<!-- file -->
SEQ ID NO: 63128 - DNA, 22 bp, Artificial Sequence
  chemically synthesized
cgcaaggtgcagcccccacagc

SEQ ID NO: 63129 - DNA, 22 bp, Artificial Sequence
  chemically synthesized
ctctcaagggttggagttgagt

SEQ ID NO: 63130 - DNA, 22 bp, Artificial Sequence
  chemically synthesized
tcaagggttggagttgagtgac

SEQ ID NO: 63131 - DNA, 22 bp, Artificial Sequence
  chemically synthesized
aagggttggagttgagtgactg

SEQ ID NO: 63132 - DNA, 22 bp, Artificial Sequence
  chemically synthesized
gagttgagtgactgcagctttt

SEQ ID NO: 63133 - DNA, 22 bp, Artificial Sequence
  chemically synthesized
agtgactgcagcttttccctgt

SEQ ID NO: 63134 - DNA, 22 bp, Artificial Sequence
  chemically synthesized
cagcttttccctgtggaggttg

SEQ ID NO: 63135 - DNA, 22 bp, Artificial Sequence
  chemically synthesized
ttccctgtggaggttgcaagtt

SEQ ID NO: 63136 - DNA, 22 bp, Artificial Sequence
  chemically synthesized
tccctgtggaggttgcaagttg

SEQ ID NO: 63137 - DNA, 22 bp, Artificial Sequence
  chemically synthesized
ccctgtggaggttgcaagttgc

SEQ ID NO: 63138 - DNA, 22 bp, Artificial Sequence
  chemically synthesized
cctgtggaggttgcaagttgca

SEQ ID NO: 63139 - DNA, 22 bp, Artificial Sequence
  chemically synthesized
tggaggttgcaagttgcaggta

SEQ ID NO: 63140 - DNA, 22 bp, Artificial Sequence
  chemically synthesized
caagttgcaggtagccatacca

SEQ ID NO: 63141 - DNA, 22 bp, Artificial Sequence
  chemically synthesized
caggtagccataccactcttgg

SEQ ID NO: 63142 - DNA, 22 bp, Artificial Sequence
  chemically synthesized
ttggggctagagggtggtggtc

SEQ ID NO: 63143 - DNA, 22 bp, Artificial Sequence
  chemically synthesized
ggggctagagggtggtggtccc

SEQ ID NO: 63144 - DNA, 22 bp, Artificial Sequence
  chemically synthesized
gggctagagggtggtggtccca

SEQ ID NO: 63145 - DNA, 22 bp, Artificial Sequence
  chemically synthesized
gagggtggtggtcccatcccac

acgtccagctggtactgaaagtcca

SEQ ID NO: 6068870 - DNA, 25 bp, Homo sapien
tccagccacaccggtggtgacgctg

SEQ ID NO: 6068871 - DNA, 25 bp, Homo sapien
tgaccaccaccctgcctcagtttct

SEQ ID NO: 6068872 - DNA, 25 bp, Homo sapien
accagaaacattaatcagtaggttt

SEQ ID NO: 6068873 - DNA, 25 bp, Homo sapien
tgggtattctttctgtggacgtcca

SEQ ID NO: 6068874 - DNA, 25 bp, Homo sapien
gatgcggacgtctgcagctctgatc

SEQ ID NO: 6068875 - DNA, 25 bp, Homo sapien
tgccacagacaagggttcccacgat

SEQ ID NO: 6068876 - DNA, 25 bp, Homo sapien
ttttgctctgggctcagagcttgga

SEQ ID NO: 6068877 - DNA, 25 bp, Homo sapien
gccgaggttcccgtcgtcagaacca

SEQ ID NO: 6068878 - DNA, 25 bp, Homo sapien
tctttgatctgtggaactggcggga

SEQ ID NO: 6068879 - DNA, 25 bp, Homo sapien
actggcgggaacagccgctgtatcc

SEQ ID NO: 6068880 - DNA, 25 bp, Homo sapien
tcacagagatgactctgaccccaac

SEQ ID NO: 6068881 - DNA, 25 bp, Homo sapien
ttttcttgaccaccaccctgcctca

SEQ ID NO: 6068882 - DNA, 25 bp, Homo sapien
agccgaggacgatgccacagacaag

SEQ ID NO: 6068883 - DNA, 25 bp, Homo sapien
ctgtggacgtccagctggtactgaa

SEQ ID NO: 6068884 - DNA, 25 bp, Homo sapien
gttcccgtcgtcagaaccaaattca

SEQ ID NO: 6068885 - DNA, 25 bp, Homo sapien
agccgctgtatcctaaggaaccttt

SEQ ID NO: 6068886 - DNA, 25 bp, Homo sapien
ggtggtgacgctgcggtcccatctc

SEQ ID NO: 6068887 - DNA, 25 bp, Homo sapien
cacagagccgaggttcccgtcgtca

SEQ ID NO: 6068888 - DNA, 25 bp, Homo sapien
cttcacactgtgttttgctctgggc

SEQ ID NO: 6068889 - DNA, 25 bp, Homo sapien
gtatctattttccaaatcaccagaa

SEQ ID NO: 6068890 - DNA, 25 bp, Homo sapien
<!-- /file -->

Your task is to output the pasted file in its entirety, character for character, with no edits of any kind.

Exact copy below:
SEQ ID NO: 63128 - DNA, 22 bp, Artificial Sequence
  chemically synthesized
cgcaaggtgcagcccccacagc

SEQ ID NO: 63129 - DNA, 22 bp, Artificial Sequence
  chemically synthesized
ctctcaagggttggagttgagt

SEQ ID NO: 63130 - DNA, 22 bp, Artificial Sequence
  chemically synthesized
tcaagggttggagttgagtgac

SEQ ID NO: 63131 - DNA, 22 bp, Artificial Sequence
  chemically synthesized
aagggttggagttgagtgactg

SEQ ID NO: 63132 - DNA, 22 bp, Artificial Sequence
  chemically synthesized
gagttgagtgactgcagctttt

SEQ ID NO: 63133 - DNA, 22 bp, Artificial Sequence
  chemically synthesized
agtgactgcagcttttccctgt

SEQ ID NO: 63134 - DNA, 22 bp, Artificial Sequence
  chemically synthesized
cagcttttccctgtggaggttg

SEQ ID NO: 63135 - DNA, 22 bp, Artificial Sequence
  chemically synthesized
ttccctgtggaggttgcaagtt

SEQ ID NO: 63136 - DNA, 22 bp, Artificial Sequence
  chemically synthesized
tccctgtggaggttgcaagttg

SEQ ID NO: 63137 - DNA, 22 bp, Artificial Sequence
  chemically synthesized
ccctgtggaggttgcaagttgc

SEQ ID NO: 63138 - DNA, 22 bp, Artificial Sequence
  chemically synthesized
cctgtggaggttgcaagttgca

SEQ ID NO: 63139 - DNA, 22 bp, Artificial Sequence
  chemically synthesized
tggaggttgcaagttgcaggta

SEQ ID NO: 63140 - DNA, 22 bp, Artificial Sequence
  chemically synthesized
caagttgcaggtagccatacca

SEQ ID NO: 63141 - DNA, 22 bp, Artificial Sequence
  chemically synthesized
caggtagccataccactcttgg

SEQ ID NO: 63142 - DNA, 22 bp, Artificial Sequence
  chemically synthesized
ttggggctagagggtggtggtc

SEQ ID NO: 63143 - DNA, 22 bp, Artificial Sequence
  chemically synthesized
ggggctagagggtggtggtccc

SEQ ID NO: 63144 - DNA, 22 bp, Artificial Sequence
  chemically synthesized
gggctagagggtggtggtccca

SEQ ID NO: 63145 - DNA, 22 bp, Artificial Sequence
  chemically synthesized
gagggtggtggtcccatcccac

acgtccagctggtactgaaagtcca

SEQ ID NO: 6068870 - DNA, 25 bp, Homo sapien
tccagccacaccggtggtgacgctg

SEQ ID NO: 6068871 - DNA, 25 bp, Homo sapien
tgaccaccaccctgcctcagtttct

SEQ ID NO: 6068872 - DNA, 25 bp, Homo sapien
accagaaacattaatcagtaggttt

SEQ ID NO: 6068873 - DNA, 25 bp, Homo sapien
tgggtattctttctgtggacgtcca

SEQ ID NO: 6068874 - DNA, 25 bp, Homo sapien
gatgcggacgtctgcagctctgatc

SEQ ID NO: 6068875 - DNA, 25 bp, Homo sapien
tgccacagacaagggttcccacgat

SEQ ID NO: 6068876 - DNA, 25 bp, Homo sapien
ttttgctctgggctcagagcttgga

SEQ ID NO: 6068877 - DNA, 25 bp, Homo sapien
gccgaggttcccgtcgtcagaacca

SEQ ID NO: 6068878 - DNA, 25 bp, Homo sapien
tctttgatctgtggaactggcggga

SEQ ID NO: 6068879 - DNA, 25 bp, Homo sapien
actggcgggaacagccgctgtatcc

SEQ ID NO: 6068880 - DNA, 25 bp, Homo sapien
tcacagagatgactctgaccccaac

SEQ ID NO: 6068881 - DNA, 25 bp, Homo sapien
ttttcttgaccaccaccctgcctca

SEQ ID NO: 6068882 - DNA, 25 bp, Homo sapien
agccgaggacgatgccacagacaag

SEQ ID NO: 6068883 - DNA, 25 bp, Homo sapien
ctgtggacgtccagctggtactgaa

SEQ ID NO: 6068884 - DNA, 25 bp, Homo sapien
gttcccgtcgtcagaaccaaattca

SEQ ID NO: 6068885 - DNA, 25 bp, Homo sapien
agccgctgtatcctaaggaaccttt

SEQ ID NO: 6068886 - DNA, 25 bp, Homo sapien
ggtggtgacgctgcggtcccatctc

SEQ ID NO: 6068887 - DNA, 25 bp, Homo sapien
cacagagccgaggttcccgtcgtca

SEQ ID NO: 6068888 - DNA, 25 bp, Homo sapien
cttcacactgtgttttgctctgggc

SEQ ID NO: 6068889 - DNA, 25 bp, Homo sapien
gtatctattttccaaatcaccagaa

SEQ ID NO: 6068890 - DNA, 25 bp, Homo sapien